There are several important implications from the preceding paragraph and passage about Sandusky’s retirement in 1999:

1. Joe Paterno HAD to have known about Jerry Sandusky’s 1998 investigation.

There is just absolutely no chance that Gary Schultz, VP for Finance and Business, was aware of an investigation involving the football team’s defensive coordinator but Joe Paterno was not. Zero. As the most important figure on Penn State’s campus, it is impossible to believe he didn’t know about this investigation, involving his long-time assistant, having been carried out by campus police.

Many have defended Paterno, saying that they would not want to believe such egregious accusations about a trusted former assistant, player, and friend that they had known and mentored for over 30 years. It is understandable that the first alleged offense–considering that Sandusky was, for whatever reason, not prosecuted (it would not be overly paranoid to suggest that this might have been intentionally covered up the first time but with the prosecutor’s mysterious disappearance in 2005 there is just no way to know for sure why the investigation stopped)–did not cause Paterno and Penn State to fully sever ties with his legendary assistant (Sandusky remained a professor emeritus which “allowed him access to all recreational facilities” amongst other privileges).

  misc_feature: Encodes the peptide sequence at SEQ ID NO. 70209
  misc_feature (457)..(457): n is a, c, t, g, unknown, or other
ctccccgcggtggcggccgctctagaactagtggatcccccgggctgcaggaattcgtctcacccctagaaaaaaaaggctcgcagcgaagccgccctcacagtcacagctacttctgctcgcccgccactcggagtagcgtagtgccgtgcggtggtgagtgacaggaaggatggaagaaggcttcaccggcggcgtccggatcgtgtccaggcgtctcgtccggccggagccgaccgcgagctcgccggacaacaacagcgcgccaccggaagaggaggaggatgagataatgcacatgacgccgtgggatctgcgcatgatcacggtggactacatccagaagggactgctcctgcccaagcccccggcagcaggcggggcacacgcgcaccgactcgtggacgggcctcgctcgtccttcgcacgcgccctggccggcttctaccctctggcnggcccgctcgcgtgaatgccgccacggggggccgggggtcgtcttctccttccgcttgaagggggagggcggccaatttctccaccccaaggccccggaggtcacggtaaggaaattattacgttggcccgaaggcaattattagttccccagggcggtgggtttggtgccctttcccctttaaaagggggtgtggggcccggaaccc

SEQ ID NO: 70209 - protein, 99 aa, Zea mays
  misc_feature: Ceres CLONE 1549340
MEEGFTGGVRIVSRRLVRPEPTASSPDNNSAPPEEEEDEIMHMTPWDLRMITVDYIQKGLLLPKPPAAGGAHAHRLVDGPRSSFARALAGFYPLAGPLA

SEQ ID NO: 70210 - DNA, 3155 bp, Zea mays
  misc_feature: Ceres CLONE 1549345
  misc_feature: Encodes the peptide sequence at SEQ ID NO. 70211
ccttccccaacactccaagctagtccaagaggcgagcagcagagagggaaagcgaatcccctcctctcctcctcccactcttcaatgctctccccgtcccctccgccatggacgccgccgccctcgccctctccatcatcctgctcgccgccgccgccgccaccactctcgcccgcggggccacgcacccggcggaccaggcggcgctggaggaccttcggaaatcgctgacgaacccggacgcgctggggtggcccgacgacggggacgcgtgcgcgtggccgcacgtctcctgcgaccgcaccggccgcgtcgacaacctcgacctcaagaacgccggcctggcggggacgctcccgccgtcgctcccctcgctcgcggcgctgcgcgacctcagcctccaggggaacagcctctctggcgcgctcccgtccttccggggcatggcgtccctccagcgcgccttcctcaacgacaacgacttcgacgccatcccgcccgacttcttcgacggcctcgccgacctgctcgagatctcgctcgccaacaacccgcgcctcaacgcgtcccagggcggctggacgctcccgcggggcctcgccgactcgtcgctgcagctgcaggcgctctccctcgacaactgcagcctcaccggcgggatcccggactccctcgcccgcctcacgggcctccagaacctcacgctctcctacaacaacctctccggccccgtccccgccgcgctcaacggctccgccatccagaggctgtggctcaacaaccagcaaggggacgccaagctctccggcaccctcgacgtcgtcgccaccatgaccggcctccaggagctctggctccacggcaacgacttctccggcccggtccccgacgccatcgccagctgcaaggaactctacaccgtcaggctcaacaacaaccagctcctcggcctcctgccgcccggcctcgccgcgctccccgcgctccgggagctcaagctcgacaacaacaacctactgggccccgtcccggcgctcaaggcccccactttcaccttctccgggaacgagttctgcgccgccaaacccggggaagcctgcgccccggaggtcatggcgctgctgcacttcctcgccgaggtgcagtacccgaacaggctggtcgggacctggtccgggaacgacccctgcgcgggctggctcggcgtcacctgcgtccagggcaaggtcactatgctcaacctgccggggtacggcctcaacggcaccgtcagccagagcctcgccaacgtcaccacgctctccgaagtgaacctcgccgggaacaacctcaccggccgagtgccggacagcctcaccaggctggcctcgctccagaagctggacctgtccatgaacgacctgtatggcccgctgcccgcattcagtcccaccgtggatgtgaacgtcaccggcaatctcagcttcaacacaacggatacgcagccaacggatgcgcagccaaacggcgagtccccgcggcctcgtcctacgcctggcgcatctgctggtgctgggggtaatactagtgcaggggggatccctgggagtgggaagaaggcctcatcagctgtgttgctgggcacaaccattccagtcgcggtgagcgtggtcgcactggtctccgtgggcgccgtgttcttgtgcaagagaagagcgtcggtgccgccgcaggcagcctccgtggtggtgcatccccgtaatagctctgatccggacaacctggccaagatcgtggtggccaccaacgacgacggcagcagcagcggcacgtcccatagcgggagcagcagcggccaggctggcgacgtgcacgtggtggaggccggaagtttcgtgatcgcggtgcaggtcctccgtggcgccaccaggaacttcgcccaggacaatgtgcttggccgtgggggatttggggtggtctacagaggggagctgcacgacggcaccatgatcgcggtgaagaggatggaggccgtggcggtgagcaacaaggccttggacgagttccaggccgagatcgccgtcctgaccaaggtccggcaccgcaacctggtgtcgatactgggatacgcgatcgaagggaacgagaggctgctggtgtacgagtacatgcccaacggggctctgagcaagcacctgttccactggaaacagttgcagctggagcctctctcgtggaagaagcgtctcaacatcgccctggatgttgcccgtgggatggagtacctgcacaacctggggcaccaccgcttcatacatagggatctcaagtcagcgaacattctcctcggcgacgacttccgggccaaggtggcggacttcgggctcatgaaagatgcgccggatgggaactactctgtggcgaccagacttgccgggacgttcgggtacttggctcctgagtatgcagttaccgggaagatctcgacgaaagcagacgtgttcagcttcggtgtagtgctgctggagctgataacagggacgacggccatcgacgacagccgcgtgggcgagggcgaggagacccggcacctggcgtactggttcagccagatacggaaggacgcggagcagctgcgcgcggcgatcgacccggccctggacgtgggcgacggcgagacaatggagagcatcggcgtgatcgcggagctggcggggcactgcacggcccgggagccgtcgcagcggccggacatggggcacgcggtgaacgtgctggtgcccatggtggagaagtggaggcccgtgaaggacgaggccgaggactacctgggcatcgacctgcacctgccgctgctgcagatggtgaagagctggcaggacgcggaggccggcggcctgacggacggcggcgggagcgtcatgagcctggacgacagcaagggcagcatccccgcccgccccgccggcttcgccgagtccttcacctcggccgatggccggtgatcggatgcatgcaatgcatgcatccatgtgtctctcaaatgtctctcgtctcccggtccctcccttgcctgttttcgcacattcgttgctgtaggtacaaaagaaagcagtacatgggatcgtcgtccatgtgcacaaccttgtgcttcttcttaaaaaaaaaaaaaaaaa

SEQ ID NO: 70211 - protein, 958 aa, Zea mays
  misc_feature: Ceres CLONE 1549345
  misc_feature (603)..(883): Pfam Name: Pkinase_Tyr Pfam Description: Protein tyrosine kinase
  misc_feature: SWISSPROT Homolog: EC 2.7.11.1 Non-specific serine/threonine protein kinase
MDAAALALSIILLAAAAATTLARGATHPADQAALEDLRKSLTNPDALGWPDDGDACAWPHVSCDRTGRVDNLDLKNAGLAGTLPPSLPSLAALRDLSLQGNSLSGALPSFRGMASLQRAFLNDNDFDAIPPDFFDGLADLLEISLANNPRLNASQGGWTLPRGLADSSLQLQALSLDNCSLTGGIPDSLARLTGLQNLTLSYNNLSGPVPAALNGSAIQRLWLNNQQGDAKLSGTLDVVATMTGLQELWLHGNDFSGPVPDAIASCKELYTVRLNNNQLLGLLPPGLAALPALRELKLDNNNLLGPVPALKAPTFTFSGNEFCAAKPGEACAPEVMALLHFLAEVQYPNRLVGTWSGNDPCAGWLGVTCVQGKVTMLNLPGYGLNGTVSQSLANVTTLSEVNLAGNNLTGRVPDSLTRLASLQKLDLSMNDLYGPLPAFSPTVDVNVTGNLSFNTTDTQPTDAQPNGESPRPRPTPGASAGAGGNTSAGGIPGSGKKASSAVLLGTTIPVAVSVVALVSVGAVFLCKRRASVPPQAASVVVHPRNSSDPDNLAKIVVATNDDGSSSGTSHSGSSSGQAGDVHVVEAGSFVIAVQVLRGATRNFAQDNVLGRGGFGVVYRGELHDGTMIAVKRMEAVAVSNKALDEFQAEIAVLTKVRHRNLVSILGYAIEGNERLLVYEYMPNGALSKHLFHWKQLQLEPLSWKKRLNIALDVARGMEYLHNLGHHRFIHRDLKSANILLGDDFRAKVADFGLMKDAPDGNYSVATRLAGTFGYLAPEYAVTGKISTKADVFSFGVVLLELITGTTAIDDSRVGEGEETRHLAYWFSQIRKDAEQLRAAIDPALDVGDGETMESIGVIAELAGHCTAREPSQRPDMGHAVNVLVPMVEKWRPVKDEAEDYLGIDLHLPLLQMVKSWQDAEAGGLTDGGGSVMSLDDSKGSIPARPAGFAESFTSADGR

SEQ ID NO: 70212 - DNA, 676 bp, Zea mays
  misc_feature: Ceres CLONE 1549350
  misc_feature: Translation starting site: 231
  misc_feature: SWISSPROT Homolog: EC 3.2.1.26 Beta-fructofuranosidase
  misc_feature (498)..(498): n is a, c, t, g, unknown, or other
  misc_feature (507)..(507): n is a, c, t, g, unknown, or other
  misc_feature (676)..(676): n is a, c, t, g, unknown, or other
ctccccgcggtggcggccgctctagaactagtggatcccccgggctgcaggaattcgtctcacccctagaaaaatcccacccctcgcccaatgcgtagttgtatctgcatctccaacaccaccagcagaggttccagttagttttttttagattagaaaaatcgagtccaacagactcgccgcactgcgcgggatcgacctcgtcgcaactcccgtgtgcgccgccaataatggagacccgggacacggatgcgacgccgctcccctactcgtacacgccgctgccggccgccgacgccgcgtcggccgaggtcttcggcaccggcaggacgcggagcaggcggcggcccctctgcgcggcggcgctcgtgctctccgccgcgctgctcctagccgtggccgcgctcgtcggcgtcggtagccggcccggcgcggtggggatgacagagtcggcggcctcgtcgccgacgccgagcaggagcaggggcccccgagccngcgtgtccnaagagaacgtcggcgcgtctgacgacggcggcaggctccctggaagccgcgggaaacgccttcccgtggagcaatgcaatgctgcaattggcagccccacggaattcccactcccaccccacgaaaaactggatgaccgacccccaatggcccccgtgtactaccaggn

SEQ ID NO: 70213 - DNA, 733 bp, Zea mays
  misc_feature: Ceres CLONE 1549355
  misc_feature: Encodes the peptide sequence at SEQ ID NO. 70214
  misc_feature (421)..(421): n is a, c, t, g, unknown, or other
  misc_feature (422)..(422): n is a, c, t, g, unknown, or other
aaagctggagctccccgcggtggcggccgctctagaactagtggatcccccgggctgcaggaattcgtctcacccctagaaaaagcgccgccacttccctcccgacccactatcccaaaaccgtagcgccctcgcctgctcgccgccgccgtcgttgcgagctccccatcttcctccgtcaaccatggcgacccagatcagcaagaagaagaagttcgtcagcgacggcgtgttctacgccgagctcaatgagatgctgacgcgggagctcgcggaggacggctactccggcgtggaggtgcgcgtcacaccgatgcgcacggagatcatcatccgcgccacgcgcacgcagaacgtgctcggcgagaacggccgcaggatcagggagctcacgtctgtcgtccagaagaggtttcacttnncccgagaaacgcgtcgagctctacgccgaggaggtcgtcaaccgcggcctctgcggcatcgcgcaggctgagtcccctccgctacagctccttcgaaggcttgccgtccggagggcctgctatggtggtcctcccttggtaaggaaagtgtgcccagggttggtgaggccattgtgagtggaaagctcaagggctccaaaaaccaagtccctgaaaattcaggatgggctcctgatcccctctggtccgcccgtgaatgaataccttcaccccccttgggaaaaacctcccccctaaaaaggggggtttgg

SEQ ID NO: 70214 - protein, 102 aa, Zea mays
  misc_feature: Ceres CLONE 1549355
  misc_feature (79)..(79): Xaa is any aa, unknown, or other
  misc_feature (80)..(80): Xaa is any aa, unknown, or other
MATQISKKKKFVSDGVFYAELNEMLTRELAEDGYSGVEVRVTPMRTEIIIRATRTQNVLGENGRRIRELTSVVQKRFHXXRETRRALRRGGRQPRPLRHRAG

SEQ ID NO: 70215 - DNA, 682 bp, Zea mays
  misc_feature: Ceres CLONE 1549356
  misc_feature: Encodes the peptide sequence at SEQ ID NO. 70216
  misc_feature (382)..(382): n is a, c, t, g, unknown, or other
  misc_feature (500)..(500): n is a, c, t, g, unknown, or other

That being said, at the time of the 2002 allegations by McQueary, this was now a demonstrated pattern of unspeakably horrific behavior. As noted by Madden above, shortly after the first time he was accused, Sandusky “left” his position as a highly effective assistant at the age of 55. Whether he was pushed out or actually did retire on his own volition, to not vigorously pursue justice when confronted with such terrifying firsthand evidence for a second time in four years is morally reprehensible and completely unjustifiable.

2. Penn State administrators were more concerned with self-preservation than justice for past victims and prevention of future ones.

Telling Sandusky “not to bring any Second Mile children into the football building” sends a clear signal that Curley and Schultz did not care about sexual abuse victims as long as Penn State would not be implicated in them and be held liable.

Considering this callousness and utter lack of responsibility for humanity, it is not a stretch to believe that Curley, Schultz, Spanier, and Paterno chose not to go to the authorities with this matter because they did not want to incur intense scrutiny from the media and general public as to a) why Sandusky wasn’t prosecuted the first time he was investigated despite a mountain of evidence which included a tacit admission, and b) why he was still allowed unfettered access to campus facilities with young boys from his charity when he had been investigated for sexually deviant behavior in the past.